Ethereum blockchain expands the concept of a distributed ledger to allow for more advanced commands.
Ethereum can be perceived as a virtual computer made out of blockchain nodes, with every command being confirmed by the entire machine and saved to its public ledger. Unlike Bitcoin blocks, Ethereum data blocks can hold more than just transaction information and can function as autonomous contracts.
Users can build “smart contracts” on the Ethereum blockchain by creating a transaction without a destination address and containing a section of code to determine what it does. Smart contracts can:
- Function as ‘multi-signature’ accounts, so that funds are spent only when a required percentage of people agree
- Manage agreements between users, say, if one buys insurance from the other
- Provide utility to other contracts (similar to how a software library works)
- Store information about an application, such as domain registration information or membership records.
By using the power of Smart Contract, Bancor created “Smart Tokens” as the new standard for crypto liquidity. Smart Tokens are “smart” because the smart contracts governing them requires one or more pre-existing tokens be held by the smart token’s smart contract. By holding an easily exchangeable token in connector tokens, anyone may easily buy into or cash out of a Smart Token at any time. As a function of this capability, Smart Tokens do not need to be traded in an exchange in order to become liquid, nor do they require counterparties with their risks.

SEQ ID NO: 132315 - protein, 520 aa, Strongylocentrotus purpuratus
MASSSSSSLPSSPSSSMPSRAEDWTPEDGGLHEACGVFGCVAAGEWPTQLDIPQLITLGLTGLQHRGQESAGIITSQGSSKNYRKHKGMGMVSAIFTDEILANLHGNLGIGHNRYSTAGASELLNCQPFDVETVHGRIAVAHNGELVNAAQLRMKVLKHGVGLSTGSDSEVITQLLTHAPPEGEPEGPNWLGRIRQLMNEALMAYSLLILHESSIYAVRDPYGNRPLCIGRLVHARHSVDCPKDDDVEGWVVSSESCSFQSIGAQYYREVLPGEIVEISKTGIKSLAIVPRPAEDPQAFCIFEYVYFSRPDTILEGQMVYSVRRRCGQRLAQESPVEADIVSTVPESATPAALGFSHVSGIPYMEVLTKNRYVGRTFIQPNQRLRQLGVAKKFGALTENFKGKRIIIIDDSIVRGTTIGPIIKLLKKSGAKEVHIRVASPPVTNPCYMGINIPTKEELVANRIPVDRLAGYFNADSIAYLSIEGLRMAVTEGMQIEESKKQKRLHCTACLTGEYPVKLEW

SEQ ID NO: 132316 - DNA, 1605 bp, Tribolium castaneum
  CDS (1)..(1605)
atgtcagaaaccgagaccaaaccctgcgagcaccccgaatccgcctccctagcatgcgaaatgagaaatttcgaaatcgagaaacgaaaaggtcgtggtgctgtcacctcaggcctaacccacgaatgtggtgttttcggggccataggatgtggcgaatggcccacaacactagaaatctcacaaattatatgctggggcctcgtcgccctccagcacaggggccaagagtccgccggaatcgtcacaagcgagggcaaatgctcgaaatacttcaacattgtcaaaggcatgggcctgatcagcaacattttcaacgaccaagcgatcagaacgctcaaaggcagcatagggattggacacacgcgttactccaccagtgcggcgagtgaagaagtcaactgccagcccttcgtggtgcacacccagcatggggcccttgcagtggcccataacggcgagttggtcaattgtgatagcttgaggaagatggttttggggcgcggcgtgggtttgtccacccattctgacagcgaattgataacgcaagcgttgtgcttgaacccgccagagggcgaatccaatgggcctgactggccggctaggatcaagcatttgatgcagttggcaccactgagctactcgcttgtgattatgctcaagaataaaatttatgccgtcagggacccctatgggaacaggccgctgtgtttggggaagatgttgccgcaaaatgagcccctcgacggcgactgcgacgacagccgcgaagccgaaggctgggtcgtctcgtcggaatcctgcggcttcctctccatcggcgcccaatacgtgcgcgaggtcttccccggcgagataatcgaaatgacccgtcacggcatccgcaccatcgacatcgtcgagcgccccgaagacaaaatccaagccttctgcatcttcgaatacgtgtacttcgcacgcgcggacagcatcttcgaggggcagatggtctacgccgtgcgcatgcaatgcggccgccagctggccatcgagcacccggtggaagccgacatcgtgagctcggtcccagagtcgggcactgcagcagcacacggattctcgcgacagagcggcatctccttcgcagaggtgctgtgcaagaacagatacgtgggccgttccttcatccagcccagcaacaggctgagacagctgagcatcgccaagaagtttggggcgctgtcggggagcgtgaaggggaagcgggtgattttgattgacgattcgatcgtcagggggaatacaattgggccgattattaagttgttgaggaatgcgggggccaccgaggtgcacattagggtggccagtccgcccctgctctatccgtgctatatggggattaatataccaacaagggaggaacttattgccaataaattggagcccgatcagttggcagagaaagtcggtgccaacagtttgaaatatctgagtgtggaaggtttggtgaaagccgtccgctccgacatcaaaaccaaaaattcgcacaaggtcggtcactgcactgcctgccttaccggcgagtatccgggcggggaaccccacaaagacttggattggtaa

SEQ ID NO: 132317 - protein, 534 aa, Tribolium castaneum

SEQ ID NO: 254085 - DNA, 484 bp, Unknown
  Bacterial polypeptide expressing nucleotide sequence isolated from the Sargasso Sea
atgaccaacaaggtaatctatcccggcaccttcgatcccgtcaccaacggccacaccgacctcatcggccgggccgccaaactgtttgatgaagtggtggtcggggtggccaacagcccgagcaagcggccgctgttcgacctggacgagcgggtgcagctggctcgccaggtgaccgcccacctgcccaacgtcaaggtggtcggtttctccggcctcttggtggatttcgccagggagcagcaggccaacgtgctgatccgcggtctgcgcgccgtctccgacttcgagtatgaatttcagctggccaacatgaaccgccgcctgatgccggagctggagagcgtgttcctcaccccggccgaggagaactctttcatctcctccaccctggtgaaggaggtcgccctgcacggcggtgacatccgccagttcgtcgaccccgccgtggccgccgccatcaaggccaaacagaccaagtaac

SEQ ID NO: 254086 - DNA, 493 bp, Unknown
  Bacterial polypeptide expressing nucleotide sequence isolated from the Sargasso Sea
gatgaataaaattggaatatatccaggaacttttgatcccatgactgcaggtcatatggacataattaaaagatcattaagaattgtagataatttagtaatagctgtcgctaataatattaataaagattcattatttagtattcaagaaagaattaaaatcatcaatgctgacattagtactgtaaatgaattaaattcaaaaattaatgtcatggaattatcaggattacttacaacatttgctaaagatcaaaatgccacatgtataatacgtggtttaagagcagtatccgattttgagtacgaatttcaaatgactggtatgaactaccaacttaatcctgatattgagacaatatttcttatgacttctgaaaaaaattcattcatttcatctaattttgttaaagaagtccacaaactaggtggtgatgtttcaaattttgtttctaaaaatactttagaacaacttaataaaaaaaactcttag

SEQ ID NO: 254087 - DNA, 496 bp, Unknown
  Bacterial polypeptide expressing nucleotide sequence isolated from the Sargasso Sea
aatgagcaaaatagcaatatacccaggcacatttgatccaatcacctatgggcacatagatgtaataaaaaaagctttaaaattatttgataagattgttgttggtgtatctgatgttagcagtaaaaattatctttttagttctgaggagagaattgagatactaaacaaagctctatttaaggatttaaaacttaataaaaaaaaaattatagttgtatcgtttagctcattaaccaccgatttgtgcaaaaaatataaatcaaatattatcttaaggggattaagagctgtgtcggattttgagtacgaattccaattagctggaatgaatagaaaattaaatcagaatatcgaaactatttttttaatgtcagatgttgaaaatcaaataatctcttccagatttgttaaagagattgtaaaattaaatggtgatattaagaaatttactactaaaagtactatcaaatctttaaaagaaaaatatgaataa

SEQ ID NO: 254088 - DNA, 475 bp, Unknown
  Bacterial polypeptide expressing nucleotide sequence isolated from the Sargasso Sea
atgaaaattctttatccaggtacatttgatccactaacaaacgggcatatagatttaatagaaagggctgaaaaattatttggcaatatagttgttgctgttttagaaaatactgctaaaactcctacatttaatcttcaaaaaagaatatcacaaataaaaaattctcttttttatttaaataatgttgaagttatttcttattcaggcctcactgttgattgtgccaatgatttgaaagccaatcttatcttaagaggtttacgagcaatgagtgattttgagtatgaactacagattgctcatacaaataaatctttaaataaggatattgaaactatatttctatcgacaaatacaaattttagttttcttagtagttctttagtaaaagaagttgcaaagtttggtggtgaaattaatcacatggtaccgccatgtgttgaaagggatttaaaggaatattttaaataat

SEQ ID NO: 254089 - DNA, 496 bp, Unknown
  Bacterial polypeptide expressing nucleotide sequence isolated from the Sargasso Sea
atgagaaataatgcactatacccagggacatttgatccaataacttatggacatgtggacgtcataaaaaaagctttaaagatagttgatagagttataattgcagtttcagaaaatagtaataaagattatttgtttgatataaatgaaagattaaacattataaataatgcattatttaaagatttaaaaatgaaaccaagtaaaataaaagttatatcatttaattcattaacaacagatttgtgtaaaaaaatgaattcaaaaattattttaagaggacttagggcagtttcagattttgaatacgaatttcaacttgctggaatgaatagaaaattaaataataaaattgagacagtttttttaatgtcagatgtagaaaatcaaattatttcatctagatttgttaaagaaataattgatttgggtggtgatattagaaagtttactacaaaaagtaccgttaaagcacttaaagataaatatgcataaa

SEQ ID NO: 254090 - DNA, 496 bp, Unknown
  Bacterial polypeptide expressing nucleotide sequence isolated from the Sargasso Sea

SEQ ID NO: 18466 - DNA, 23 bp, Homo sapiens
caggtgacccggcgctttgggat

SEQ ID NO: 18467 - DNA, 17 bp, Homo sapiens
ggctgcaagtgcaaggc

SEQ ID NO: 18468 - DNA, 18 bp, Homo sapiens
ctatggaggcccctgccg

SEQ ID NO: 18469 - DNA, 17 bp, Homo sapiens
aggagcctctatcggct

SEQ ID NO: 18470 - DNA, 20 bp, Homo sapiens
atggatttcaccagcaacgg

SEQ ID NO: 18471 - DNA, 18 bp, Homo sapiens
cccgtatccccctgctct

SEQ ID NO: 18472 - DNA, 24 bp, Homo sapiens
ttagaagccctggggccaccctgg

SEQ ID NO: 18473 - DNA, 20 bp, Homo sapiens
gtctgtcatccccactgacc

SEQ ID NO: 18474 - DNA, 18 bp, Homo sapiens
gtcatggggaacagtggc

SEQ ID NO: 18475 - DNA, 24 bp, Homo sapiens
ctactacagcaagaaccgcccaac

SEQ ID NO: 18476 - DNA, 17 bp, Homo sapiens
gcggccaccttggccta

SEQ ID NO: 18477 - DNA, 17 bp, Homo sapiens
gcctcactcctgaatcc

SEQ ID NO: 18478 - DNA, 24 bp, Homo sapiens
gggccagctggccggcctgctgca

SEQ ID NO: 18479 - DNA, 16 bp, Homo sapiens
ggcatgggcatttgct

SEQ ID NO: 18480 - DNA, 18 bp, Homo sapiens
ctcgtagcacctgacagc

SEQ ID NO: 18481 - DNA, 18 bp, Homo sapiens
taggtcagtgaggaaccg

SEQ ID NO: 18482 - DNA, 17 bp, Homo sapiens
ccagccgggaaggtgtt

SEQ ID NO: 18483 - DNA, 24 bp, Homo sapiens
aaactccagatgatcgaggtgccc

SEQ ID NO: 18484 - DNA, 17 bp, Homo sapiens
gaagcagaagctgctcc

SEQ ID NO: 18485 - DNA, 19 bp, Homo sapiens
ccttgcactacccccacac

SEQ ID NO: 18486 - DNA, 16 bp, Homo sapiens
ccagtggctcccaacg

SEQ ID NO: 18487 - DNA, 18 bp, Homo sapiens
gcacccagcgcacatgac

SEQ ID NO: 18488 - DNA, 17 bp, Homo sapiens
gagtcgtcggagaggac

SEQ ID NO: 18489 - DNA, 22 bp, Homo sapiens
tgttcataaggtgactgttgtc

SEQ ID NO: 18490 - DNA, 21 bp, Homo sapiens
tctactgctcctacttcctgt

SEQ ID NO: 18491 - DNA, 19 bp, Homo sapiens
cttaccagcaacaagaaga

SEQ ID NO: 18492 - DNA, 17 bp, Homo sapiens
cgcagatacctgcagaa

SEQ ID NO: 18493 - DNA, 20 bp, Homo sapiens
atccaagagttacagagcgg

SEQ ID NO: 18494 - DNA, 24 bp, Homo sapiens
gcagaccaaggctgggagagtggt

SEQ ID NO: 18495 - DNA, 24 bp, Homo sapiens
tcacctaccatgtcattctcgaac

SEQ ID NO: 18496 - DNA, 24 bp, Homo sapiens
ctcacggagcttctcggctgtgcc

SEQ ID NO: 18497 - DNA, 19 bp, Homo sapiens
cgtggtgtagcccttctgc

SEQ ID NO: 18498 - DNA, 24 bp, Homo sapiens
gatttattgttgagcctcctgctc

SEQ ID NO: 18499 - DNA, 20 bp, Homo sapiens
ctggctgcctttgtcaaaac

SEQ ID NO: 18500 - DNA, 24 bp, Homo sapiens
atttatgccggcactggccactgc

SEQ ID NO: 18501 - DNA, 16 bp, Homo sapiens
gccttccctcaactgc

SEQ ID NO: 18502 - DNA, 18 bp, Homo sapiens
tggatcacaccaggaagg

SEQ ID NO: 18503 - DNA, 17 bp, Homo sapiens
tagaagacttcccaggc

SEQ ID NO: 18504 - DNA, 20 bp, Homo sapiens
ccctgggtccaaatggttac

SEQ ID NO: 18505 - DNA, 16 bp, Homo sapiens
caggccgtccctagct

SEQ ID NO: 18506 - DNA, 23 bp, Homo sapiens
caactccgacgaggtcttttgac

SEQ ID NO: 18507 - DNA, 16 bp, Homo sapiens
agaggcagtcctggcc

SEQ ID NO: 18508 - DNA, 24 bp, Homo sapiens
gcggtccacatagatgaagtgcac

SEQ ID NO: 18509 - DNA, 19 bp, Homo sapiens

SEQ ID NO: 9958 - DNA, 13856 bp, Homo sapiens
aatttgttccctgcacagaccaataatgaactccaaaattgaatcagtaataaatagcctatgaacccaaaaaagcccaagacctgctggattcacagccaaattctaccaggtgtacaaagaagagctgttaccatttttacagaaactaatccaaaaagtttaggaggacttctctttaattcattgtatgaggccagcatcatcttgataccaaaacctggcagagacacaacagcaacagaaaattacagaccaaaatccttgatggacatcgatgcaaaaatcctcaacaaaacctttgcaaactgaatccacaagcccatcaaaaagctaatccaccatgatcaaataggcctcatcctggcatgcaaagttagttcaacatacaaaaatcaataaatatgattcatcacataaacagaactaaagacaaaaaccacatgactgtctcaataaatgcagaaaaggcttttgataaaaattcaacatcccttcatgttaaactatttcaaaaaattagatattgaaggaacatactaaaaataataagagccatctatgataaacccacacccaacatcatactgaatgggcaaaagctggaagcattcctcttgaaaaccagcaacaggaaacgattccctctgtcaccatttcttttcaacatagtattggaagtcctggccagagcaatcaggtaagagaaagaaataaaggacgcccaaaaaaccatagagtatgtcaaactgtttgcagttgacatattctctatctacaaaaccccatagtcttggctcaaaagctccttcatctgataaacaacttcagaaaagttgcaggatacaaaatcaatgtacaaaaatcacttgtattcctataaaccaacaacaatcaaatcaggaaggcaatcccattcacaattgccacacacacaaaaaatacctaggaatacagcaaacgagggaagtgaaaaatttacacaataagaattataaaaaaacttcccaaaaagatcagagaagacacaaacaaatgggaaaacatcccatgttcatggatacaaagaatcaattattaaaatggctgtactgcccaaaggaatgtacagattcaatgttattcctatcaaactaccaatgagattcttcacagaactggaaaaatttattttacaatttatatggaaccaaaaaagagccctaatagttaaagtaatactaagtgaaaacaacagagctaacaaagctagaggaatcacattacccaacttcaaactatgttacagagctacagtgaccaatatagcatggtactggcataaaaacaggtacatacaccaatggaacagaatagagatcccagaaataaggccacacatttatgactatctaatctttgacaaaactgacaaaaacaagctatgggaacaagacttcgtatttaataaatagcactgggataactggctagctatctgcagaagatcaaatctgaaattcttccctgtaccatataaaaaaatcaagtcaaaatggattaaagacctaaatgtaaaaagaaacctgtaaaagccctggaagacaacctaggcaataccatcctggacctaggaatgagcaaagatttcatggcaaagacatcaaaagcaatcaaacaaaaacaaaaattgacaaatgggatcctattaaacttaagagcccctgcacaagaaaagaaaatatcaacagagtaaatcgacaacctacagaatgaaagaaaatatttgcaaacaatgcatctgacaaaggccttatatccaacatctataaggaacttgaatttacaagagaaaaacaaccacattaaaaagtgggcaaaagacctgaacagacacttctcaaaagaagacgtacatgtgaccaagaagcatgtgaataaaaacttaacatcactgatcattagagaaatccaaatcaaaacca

Smart Tokens maintain a constant ratio of value between that held in their connector and the active supply of Smart Tokens in the market through a smart contract and a “Connector Weight”. The smart contract constantly measures the value in connector against the supply of Smart Tokens in circulation, and establishes a price for exchanging between the two based on the Connector Weight. When a Smart Token is purchased, its price rises; when liquidated, its price falls. In this way, the ratio of value between connector and supply is maintained over time as value travels into and out of a Smart Token.
The smart contract does more than establish the price, however, by acting as an automated issuer and redeemer of its Smart Token. When a Smart Token is purchased, the value in connector expands and triggers the smart contract to create and issue new Smart Tokens to the party who made the deposit into the connector. Conversely, when a Smart Token is liquidated, the smart contract destroys Smart Tokens and credits the party with a corresponding amount of connector tokens. Again, the ratio of value between connector and supply is maintained over time as value travels into and out of the Smart Token.